In New York, at least, opera coverage in the regular press may be better than it's been in decades. The Gray Lady has reviewers who may actually like opera (previous chief critics seem to have been shocked at how much disreputable singing their worthy job required them to hear); the upstart Sun covers most everything, often featuring the new (to me) and excellent Fred Kirshnit; meanwhile Peter Davis and others are happily still active. So why blogs, now?
This article set me to thinking about what, ultimately, this enterprise is getting at. It rambles a bit and is too long to excerpt, but is certainly interesting in this context. The author contrasts the journalistic mindset -- which is, of course, his own -- with that appropriate for scholarship or religious faith. Blogs, in this split between engaging what is now and unearthing slower, more lasting truths, are by format pretty much with the former. What's made their name on the wider stage is just that: blogging as a jumped-up, perhaps even ideal form of journalism -- an instrument of unlimited responsiveness and minimally encrusted convention.
In the wider world, part of the recent blog explosion was surely people's sense that eternal truths are now turning on their heads -- or indeed are dead, while others are being born from the previously-humdrum patter of daily news. Did that day change everything? I'm sure of it; but the question here is -- did it change opera? Not visibly, not yet.
Still other currents are afoot. That Atlanta Journal-Constitution article on operablogging suggests one:
The second factor here is the perception that monolithic American commercial culture is breaking apart.I think this is on the right track. The transition of our classical music/opera infrastructure* -- with pretty much every other cultural business -- from a broadcasting to a narrowcasting model seems to me the background story of the age, with eventual repercussions far beyond how we do or don't listen to remote (in time or place) performances. Will it drive arts blogging? Could be.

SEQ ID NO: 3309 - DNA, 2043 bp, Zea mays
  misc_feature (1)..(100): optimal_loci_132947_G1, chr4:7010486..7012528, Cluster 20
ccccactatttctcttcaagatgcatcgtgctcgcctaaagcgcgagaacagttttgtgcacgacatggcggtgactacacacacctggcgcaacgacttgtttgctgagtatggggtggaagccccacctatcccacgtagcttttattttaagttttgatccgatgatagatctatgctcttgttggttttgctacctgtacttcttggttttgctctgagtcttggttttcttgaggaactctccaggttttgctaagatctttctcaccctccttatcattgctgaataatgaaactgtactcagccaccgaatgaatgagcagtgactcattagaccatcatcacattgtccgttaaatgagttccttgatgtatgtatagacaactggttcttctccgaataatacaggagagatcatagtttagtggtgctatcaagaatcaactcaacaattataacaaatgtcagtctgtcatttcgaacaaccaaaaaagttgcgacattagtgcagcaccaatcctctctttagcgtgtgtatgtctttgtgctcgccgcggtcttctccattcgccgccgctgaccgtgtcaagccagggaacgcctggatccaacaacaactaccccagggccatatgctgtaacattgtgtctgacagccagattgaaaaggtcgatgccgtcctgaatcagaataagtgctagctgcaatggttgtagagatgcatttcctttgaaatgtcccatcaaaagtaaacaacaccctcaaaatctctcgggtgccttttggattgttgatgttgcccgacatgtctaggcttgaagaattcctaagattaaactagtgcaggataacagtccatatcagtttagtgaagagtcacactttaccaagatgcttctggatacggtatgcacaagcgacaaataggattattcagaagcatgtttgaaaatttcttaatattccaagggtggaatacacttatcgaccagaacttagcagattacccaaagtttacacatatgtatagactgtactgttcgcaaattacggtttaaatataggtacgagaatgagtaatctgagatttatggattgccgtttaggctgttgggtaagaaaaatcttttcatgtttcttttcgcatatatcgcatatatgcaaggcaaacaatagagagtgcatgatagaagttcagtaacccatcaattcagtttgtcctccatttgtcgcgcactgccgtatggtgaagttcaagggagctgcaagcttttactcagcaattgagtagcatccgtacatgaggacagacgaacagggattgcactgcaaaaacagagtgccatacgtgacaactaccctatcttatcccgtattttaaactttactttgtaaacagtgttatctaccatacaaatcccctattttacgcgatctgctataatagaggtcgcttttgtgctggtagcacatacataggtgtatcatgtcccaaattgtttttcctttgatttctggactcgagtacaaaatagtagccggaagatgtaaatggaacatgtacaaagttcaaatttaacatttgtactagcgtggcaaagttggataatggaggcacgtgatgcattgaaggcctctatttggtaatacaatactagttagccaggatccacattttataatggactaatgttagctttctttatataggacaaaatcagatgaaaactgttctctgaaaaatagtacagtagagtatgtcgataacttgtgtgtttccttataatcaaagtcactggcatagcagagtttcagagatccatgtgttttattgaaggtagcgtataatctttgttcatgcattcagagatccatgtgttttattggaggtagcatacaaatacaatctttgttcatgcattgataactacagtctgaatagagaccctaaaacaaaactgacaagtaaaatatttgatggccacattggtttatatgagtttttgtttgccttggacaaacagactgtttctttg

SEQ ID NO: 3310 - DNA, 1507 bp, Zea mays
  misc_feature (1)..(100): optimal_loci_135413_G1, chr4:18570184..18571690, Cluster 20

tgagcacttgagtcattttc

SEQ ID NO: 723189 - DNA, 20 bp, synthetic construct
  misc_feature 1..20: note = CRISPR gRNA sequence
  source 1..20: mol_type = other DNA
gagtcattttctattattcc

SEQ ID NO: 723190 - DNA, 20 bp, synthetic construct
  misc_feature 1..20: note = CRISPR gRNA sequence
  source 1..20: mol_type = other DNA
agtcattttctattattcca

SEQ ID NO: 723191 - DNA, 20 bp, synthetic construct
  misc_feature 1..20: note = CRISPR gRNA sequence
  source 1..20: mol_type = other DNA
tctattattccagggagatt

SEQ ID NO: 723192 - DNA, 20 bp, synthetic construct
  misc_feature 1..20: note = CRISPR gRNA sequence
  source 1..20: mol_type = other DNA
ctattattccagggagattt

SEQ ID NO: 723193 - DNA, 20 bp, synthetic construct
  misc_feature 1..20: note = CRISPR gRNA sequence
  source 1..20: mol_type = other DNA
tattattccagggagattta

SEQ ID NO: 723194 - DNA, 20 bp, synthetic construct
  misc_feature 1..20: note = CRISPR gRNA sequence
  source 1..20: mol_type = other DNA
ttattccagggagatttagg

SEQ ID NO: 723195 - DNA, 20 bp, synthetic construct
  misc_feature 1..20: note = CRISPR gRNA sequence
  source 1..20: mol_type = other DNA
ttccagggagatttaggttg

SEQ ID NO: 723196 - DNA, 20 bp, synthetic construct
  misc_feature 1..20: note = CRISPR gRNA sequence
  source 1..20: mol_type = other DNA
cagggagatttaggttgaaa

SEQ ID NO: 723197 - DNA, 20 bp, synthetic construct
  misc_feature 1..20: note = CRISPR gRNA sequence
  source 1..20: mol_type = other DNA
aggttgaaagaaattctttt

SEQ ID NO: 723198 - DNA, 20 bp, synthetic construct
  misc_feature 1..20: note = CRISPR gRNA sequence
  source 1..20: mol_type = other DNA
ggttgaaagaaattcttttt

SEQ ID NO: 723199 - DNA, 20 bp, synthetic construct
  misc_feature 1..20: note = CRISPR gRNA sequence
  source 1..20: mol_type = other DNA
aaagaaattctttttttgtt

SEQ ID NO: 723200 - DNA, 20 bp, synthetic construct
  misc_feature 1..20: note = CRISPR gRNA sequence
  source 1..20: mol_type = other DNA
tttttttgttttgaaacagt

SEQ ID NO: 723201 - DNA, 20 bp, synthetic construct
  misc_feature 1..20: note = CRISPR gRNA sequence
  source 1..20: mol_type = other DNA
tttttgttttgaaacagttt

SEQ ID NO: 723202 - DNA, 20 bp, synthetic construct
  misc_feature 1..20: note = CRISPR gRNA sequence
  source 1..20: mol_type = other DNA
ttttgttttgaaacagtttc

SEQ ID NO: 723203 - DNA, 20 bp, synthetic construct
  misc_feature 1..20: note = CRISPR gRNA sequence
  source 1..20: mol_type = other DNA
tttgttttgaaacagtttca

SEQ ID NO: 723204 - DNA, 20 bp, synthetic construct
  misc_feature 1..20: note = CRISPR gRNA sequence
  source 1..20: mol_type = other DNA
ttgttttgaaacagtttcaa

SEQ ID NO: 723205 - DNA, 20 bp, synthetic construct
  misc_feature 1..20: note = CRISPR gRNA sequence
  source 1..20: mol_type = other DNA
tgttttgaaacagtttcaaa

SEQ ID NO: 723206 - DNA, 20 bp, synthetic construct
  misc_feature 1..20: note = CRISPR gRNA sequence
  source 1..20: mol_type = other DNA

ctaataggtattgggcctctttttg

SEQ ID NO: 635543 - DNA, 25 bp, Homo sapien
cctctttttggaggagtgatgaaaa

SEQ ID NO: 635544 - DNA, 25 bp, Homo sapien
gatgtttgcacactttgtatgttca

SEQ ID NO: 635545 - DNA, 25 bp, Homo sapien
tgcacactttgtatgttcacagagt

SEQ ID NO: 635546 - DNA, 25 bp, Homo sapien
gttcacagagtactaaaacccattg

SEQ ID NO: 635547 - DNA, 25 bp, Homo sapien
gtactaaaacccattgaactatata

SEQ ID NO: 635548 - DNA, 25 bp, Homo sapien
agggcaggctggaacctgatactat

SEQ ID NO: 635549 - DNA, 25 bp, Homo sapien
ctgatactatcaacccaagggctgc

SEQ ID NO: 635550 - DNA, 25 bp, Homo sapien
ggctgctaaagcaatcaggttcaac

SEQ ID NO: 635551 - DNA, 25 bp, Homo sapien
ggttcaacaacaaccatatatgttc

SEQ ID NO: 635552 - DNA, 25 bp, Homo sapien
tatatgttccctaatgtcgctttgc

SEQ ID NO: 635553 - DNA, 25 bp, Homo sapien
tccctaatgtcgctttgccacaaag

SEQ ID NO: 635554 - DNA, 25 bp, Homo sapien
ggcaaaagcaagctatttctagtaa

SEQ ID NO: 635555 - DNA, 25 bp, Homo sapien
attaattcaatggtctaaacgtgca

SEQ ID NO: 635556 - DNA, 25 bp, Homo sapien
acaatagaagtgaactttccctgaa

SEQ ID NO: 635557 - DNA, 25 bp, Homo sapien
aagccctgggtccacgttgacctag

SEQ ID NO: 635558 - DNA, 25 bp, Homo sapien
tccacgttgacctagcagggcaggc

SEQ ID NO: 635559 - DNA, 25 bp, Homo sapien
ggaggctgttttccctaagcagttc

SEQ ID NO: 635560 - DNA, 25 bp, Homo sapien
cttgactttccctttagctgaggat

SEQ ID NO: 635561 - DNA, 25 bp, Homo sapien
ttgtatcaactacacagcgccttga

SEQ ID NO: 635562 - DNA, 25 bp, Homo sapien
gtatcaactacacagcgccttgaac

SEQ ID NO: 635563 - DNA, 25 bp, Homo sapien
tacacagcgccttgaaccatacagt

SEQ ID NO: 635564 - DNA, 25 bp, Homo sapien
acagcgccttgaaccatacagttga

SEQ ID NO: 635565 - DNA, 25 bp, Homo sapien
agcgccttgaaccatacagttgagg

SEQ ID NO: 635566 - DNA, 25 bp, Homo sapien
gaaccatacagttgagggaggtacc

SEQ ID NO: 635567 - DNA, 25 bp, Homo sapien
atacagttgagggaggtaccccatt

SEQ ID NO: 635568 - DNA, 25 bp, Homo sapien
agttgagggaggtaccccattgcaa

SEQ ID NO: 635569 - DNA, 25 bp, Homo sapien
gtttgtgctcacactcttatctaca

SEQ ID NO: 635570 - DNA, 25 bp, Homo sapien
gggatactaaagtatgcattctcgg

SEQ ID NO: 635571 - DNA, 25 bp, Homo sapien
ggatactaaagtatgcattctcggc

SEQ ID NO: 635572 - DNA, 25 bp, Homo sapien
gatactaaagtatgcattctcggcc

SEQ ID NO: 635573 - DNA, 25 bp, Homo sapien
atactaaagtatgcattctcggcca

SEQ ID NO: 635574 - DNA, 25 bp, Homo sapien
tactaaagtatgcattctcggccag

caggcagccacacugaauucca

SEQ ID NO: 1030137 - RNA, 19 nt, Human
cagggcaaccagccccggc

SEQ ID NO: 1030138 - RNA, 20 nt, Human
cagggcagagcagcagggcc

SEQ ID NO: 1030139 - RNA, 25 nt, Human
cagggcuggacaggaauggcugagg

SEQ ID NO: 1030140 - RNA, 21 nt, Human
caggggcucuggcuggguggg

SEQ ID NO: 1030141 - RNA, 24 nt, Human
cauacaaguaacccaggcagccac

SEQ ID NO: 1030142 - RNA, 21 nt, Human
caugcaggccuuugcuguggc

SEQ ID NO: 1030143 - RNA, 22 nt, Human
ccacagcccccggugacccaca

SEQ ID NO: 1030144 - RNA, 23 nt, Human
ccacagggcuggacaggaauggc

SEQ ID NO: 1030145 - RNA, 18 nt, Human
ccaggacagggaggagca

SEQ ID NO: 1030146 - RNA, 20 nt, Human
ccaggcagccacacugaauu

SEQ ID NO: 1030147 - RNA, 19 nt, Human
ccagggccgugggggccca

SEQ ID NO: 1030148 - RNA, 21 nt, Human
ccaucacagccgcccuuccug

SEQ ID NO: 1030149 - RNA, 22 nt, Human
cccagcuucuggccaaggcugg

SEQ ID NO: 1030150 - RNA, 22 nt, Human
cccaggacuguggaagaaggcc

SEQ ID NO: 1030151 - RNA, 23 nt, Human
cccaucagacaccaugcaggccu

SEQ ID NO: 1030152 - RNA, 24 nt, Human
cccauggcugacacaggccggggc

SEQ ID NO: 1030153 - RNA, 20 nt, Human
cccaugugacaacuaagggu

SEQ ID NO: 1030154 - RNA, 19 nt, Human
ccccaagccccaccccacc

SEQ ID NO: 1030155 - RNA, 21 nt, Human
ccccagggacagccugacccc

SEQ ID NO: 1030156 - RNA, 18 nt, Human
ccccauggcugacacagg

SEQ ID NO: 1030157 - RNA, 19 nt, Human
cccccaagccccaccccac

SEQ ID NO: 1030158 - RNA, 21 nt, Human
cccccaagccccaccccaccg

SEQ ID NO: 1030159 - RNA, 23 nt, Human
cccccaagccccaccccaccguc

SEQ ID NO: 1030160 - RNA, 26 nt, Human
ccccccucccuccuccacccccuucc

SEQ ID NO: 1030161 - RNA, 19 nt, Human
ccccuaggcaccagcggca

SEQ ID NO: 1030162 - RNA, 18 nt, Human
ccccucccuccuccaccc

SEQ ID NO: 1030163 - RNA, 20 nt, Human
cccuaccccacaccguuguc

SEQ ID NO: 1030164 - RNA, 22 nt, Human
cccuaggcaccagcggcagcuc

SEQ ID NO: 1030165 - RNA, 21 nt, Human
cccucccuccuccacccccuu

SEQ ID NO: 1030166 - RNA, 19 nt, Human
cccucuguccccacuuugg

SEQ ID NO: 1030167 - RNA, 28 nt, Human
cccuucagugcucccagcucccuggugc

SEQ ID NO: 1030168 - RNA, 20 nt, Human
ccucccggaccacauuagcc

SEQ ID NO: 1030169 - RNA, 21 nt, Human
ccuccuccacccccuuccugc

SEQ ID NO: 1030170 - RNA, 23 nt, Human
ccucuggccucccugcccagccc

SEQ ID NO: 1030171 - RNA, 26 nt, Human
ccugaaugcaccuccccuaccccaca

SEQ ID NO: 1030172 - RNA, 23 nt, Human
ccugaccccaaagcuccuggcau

"For the past 50 years, mass culture" -- as consolidated by network TV, Top 40 radio, Hollywood, major trade publishing and the like -- "has permeated everything else," says McLennon. "But those rules don't apply anymore. Niches are much smaller for everything. Even the top-rated TV show will only be 20 percent of the total population, and the best-selling song in a given week might be Christian rock. Everything's become a niche."
[* Made more difficult, of course, by its attachment to what was just before "the past 50 years [of] mass culture": that myth-laden age of art's broadcast eminence.]
But I've little more to say about this, really. My main experience is different: while there may (soon) be no scarcity of bandwidth, live performance -- unlike an audio/video stream thereof -- isn't infinitely reproducible. That raw thrill of the unamplified human voice, the dramatic charge of simple presence onstage -- that these may survive or thrive as authenticity-bearing luxuries in complement to a generally more-diffused culture (as, e.g., this sort of marvel now) isn't interesting to me except that they do survive. Then, as now, the elements of opera will carry their own truths, which if eternal are nonetheless most strongly bound up by the irreplacable "is now" of present human performance.
I'd like to blog that -- with a dash of everything else.
UPDATE (2/22/05): More paper media scrutiny.